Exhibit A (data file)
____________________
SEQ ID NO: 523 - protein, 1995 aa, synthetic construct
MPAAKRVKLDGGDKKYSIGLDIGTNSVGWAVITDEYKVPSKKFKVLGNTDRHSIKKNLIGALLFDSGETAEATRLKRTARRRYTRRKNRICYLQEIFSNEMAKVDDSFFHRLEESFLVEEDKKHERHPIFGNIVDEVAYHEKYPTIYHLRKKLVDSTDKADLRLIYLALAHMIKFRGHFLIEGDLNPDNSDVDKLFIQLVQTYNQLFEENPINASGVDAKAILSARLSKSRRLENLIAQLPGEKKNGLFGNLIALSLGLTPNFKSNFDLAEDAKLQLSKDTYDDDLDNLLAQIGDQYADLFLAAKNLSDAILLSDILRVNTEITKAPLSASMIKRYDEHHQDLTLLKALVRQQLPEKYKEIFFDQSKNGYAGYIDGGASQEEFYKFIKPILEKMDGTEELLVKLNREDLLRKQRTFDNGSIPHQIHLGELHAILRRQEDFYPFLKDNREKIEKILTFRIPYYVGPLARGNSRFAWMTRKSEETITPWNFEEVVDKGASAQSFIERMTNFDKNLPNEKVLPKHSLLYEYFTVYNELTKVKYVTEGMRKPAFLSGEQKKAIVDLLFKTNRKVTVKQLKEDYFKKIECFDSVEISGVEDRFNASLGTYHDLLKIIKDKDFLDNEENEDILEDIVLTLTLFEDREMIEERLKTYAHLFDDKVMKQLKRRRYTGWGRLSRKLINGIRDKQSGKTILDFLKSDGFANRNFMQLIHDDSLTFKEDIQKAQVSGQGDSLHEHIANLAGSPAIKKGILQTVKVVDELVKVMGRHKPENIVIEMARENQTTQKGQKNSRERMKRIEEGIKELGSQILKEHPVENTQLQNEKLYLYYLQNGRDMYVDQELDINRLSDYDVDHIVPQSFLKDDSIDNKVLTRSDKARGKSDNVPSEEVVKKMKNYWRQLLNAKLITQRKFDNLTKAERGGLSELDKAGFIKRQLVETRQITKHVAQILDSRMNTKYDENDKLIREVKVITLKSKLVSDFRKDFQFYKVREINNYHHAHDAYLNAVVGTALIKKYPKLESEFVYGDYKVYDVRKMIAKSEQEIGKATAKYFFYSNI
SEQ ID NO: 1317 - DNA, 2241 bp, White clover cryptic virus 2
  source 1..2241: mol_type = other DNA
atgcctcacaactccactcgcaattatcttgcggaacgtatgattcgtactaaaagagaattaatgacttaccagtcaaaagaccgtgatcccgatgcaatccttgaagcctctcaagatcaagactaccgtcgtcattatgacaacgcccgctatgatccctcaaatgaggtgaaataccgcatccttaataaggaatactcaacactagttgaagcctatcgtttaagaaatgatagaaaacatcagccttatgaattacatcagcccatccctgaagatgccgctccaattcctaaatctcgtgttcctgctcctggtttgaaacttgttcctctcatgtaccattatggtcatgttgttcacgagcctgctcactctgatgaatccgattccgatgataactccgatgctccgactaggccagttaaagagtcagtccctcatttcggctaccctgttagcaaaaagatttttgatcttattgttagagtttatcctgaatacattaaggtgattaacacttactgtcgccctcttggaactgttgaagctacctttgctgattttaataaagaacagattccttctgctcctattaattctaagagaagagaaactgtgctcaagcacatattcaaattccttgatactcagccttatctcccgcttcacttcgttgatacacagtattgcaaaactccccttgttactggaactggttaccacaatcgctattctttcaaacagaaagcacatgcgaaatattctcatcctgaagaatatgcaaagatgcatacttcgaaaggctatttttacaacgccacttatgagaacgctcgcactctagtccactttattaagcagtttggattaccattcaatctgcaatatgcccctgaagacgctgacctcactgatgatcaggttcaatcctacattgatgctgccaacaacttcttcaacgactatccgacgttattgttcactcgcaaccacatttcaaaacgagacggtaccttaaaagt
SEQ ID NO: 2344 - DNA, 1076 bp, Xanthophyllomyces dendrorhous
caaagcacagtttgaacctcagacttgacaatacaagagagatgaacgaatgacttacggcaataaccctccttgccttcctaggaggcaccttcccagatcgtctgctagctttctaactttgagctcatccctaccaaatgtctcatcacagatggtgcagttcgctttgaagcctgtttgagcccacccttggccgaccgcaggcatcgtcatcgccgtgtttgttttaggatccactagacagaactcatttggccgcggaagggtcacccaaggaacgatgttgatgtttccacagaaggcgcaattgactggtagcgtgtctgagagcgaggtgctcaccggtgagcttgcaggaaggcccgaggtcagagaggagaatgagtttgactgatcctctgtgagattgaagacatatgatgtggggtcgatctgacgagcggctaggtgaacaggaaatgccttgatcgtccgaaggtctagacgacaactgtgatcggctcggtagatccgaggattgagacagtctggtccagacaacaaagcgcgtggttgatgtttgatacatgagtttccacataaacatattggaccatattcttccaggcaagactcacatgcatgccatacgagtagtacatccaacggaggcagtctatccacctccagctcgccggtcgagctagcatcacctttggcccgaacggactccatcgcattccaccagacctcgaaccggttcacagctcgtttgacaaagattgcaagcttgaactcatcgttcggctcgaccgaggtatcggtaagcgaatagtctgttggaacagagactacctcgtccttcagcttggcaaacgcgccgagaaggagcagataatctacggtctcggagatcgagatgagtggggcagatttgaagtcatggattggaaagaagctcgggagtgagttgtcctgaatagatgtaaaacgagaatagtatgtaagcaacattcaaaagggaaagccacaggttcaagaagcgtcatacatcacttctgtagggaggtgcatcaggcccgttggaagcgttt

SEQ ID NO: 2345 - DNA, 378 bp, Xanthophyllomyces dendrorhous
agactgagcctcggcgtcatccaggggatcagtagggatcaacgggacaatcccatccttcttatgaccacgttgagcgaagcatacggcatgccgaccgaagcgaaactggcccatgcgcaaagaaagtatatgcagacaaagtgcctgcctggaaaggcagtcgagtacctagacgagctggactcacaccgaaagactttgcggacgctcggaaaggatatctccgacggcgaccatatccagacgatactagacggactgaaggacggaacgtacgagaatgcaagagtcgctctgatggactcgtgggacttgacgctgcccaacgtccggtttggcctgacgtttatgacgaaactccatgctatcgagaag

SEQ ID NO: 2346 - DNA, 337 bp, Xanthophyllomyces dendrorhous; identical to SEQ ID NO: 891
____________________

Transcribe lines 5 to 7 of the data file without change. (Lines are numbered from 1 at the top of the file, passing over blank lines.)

atgcctcacaactccactcgcaattatcttgcggaacgtatgattcgtactaaaagagaattaatgacttaccagtcaaaagaccgtgatcccgatgcaatccttgaagcctctcaagatcaagactaccgtcgtcattatgacaacgcccgctatgatccctcaaatgaggtgaaataccgcatccttaataaggaatactcaacactagttgaagcctatcgtttaagaaatgatagaaaacatcagccttatgaattacatcagcccatccctgaagatgccgctccaattcctaaatctcgtgttcctgctcctggtttgaaacttgttcctctcatgtaccattatggtcatgttgttcacgagcctgctcactctgatgaatccgattccgatgataactccgatgctccgactaggccagttaaagagtcagtccctcatttcggctaccctgttagcaaaaagatttttgatcttattgttagagtttatcctgaatacattaaggtgattaacacttactgtcgccctcttggaactgttgaagctacctttgctgattttaataaagaacagattccttctgctcctattaattctaagagaagagaaactgtgctcaagcacatattcaaattccttgatactcagccttatctcccgcttcacttcgttgatacacagtattgcaaaactccccttgttactggaactggttaccacaatcgctattctttcaaacagaaagcacatgcgaaatattctcatcctgaagaatatgcaaagatgcatacttcgaaaggctatttttacaacgccacttatgagaacgctcgcactctagtccactttattaagcagtttggattaccattcaatctgcaatatgcccctgaagacgctgacctcactgatgatcaggttcaatcctacattgatgctgccaacaacttcttcaacgactatccgacgttattgttcactcgcaaccacatttcaaaacgagacggtaccttaaaagt
SEQ ID NO: 2344 - DNA, 1076 bp, Xanthophyllomyces dendrorhous
caaagcacagtttgaacctcagacttgacaatacaagagagatgaacgaatgacttacggcaataaccctccttgccttcctaggaggcaccttcccagatcgtctgctagctttctaactttgagctcatccctaccaaatgtctcatcacagatggtgcagttcgctttgaagcctgtttgagcccacccttggccgaccgcaggcatcgtcatcgccgtgtttgttttaggatccactagacagaactcatttggccgcggaagggtcacccaaggaacgatgttgatgtttccacagaaggcgcaattgactggtagcgtgtctgagagcgaggtgctcaccggtgagcttgcaggaaggcccgaggtcagagaggagaatgagtttgactgatcctctgtgagattgaagacatatgatgtggggtcgatctgacgagcggctaggtgaacaggaaatgccttgatcgtccgaaggtctagacgacaactgtgatcggctcggtagatccgaggattgagacagtctggtccagacaacaaagcgcgtggttgatgtttgatacatgagtttccacataaacatattggaccatattcttccaggcaagactcacatgcatgccatacgagtagtacatccaacggaggcagtctatccacctccagctcgccggtcgagctagcatcacctttggcccgaacggactccatcgcattccaccagacctcgaaccggttcacagctcgtttgacaaagattgcaagcttgaactcatcgttcggctcgaccgaggtatcggtaagcgaatagtctgttggaacagagactacctcgtccttcagcttggcaaacgcgccgagaaggagcagataatctacggtctcggagatcgagatgagtggggcagatttgaagtcatggattggaaagaagctcgggagtgagttgtcctgaatagatgtaaaacgagaatagtatgtaagcaacattcaaaagggaaagccacaggttcaagaagcgtcatacatcacttctgtagggaggtgcatcaggcccgttggaagcgttt